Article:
When it rains in Boston, the sidewalks reveal poetry Artists install a poem on a Boston sidewalk. (Mass Poetry)
When it rains in Boston, the sidewalks reveal poetry
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If you're walking through Boston during a downpour, make sure to keep your eyes on the pavement: you might just see a poem appear before your eyes. For nearly a year, Bostonians wandering the city streets in the rain may have come across poems written on the sidewalk.
 
Titled "Raining Poetry," this art installation was a collaboration between the nonprofit Mass Poetry and the city of Boston. The first poems were installed to commemorate the start National Poetry Month, with several more added to the city's streets last May 13. Created using stencils and a water-repellant spray, the poems are invisible during dry, sunny weather, but appear like magic once raindrops start falling from the sky, Aria Bendix writes for CityLab.
 
"We want to bring poetry to the people," Sara Siegel, program director for the nonprofit Mass Poetry, tells Bendix.
 
The poems were selected by Danielle Legros Georges, Boston's poet laureate, and include written works by artists like Langston Hughes, Gary Duehr, Barbara Helfgott Hyett, and Elizabeth McKim. Scattered throughout the city, Georges selected the poems based on their relationship to Boston, as well as the general themes of water and rain, Cristela Guerra reports for the Boston Globe.
 
"I wanted to draw work from poets influential in the Boston-area literary, educational or cultural realms," Georges said in a statement.
 
The poems were installed by members of the Mayor's Mural Crew, an organization that introduces young artists to the process of creating public art. Using a biodegradable spray and simple cardboard stencils, the poems can be fixed to the sidewalk in a matter of minutes and should wear away in six to eight weeks. However, the city of Boston and Mass Poetry plan on carpeting city sidewalks with more poems.
 
"It's a public art project-as the poems are and will be installed in public sites in Boston, and meant for everyone," Georges said. "I think this is a wonderful way to bring poetry to the people."
 
The poems appear throughout the city, in neighborhoods from Hyde Park to Roslindale. While all of the poems currently installed are written in English, Siegel hopes to add new ones in the many languages that are spoken throughout Boston, like Portuguese, Haitian Creole and Spanish, Guerra reports.
 
"Our hope is in the next two years everyone in the state will encounter a poem in their daily lives at least once or twice a month," Siegel tells Guerra. "This a fun and unusual way to do that."
 
So if you're out and about in Beantown the next time it rains, keep an eye to the ground: you might just spot a poem glistening under the raindrops.

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CRITICAL THINKING QUESTION
Why do the artists only want their poems to appear when it is raining?
Write your answers in the comments section below


COMMENTS (18)
  • monicas-ste
    3/31/2017 - 12:57 p.m.

    This is so cool. This should happen in more places. This was pretty awesome to read about.

  • zakrym-ste
    3/31/2017 - 01:13 p.m.

    This is a cool idea to leave your mark on a city. It is a cool way to have something permanent. It allows people to be creative without spray painting.

  • daltons1-ste
    3/31/2017 - 01:17 p.m.

    It's nice to have the city of Boston throw poetry in peoples life by putting it on the sidewalk with water repellent spray and stencils. Poetry is great and this whole art installation is amazing.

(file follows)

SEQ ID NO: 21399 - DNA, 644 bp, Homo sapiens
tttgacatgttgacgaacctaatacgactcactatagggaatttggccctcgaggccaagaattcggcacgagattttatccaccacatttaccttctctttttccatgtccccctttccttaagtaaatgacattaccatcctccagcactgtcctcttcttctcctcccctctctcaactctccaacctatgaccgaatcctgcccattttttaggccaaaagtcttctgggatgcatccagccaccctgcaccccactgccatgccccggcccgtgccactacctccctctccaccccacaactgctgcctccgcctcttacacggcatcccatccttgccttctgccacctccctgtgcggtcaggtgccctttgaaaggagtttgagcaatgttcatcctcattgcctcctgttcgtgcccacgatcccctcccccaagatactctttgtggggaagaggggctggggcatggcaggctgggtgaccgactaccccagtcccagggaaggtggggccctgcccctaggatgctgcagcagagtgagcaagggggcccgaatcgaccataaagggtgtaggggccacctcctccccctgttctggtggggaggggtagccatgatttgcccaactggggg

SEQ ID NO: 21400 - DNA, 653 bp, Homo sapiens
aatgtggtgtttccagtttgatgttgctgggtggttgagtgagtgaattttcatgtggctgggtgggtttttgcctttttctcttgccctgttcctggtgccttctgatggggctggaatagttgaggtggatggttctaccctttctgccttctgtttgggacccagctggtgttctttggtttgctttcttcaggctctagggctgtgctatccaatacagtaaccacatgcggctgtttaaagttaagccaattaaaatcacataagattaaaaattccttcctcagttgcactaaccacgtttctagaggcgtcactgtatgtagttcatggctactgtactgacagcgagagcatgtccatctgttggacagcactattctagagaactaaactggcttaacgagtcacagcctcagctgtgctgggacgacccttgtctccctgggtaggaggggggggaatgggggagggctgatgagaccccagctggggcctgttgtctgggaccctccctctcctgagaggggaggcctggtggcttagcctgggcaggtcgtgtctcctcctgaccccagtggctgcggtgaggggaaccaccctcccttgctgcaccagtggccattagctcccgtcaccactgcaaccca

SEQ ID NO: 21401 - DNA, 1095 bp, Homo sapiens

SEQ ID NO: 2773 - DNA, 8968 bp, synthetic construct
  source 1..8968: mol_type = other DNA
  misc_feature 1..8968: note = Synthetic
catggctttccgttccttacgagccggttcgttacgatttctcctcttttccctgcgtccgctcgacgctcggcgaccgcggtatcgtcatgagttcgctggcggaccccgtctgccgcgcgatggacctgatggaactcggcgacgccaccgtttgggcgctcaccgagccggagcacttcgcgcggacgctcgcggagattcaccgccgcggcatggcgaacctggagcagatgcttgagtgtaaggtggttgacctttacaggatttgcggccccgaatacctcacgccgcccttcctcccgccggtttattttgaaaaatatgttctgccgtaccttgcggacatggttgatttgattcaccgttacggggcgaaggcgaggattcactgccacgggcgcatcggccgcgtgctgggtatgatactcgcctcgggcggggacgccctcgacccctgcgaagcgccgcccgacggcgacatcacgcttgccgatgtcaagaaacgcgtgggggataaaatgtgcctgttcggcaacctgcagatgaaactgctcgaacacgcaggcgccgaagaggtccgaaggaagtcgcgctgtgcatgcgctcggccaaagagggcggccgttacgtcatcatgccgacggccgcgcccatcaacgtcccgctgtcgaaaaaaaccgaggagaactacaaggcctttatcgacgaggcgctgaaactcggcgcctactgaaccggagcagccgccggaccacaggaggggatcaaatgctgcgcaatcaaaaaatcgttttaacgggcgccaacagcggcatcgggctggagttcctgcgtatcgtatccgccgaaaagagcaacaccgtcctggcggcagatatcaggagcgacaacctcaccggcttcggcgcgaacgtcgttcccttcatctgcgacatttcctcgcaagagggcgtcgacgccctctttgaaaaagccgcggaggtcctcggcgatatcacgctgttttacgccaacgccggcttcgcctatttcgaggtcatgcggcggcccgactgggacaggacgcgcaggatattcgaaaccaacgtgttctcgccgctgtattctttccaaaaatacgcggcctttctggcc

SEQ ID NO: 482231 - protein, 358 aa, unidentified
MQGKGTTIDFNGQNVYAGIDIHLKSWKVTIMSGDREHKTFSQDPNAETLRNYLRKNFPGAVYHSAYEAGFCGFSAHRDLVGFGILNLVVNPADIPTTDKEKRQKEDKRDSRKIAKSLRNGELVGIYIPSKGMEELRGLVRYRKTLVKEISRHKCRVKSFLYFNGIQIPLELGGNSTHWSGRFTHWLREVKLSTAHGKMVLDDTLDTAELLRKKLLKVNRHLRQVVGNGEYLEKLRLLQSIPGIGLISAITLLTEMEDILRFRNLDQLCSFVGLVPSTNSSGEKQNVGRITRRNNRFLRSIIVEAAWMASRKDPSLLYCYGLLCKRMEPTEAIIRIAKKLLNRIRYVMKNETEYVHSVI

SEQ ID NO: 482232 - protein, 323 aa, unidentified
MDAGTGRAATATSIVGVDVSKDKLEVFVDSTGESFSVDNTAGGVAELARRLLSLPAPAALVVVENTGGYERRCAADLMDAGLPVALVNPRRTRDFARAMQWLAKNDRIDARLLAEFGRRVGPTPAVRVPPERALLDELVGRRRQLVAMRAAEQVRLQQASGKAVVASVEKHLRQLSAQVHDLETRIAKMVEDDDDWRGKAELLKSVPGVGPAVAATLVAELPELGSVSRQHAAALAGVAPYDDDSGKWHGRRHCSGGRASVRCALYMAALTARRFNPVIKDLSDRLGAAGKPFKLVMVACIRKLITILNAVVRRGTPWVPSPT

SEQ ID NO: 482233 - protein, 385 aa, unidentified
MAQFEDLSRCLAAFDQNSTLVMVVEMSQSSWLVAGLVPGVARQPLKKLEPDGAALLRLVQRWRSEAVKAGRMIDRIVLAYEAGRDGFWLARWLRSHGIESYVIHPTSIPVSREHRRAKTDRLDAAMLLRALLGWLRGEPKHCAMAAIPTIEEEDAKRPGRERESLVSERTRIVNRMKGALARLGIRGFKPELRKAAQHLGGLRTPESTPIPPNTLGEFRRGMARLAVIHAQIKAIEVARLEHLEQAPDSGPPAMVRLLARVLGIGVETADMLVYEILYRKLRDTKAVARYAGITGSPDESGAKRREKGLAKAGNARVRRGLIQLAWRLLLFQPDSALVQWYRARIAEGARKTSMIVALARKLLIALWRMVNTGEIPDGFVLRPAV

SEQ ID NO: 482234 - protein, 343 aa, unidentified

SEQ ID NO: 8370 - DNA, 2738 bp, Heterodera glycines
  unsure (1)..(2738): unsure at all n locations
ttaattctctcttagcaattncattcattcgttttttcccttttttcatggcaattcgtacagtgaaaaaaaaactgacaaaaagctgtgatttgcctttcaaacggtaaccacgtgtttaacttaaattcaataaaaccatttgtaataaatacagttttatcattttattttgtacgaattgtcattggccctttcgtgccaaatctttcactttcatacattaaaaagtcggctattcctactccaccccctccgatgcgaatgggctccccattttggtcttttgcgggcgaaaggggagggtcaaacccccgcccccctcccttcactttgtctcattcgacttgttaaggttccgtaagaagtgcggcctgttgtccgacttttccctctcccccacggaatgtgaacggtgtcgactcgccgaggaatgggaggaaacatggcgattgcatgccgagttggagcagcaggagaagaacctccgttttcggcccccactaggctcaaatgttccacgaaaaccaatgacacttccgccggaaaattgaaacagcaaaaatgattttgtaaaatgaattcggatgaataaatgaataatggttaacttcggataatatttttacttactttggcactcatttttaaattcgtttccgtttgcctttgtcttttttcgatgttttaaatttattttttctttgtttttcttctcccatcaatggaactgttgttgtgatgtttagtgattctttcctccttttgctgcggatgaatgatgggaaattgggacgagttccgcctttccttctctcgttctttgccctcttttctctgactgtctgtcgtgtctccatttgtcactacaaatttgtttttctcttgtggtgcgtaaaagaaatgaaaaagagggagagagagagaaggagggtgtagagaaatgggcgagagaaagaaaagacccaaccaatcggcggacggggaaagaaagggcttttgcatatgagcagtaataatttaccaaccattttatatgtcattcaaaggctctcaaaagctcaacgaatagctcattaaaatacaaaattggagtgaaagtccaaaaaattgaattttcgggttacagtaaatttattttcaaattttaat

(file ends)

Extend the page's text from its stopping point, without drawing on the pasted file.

• danickab-jac
    3/31/2017 - 06:15 p.m.

    I was on a social media looking through and this exact thing came up where they put pictures of dragons, bees, and other animals and then they poured water on it. I'va also seen a similar thing for a car and when the car got wet, it turned from red to light orange with captain america on it. It was pretty cool ;P.

  • charleyh1-pla
    4/03/2017 - 02:06 p.m.

    Creating poetry on sidewalks during a time when people usually feel sad and tired creates a sunshine within the reader. The creativity and technological innovations behind the hidden poems amaze me, and I applaud those who created this.
    I personally connect with this story because I enjoy reading and writing poetry. The idea that words can bring light and hope to someone's dreary, rainy day is amazing by itself. When it leaves a permanent mark on the city without creating a dingy look, the movement automatically gets an A+. I, also, loved the inclusion of a local, non-profit organization.

  • abbya-smi
    4/03/2017 - 07:32 p.m.

    I believe that the artists only want their poems to appear when it is raining because the art of poetry can brighten someone's day. When it is rainy outside many people can start to feel blue and the poems that appear could make them feel better. Another reason that the artists only wants their poems to appear when it is raining so that the people of Boston do not start taking them for granted. Poems can portray deep meaning that can really connect with people because of their own personal experiences, and sometimes when people see something day after day they forget how special and rare it is.

  • jahir-orv
    4/03/2017 - 11:50 p.m.

    It gives the poems more depth. and makes it less superficial. it makes whoever comes across it think for a little while.

  • Loganr12348
    4/04/2017 - 03:00 p.m.

    it is a wonderful way to bring poetry to the people

  • vaneises-
    4/05/2017 - 08:39 a.m.

    Artists only want their poems to appear when it rains because they think its a great to bring poetry out to the public and the poems based around water/rain.

  • tamiam-pay
    4/05/2017 - 11:39 a.m.

    This is so cool and très creative, too! This should happen in South Florida.

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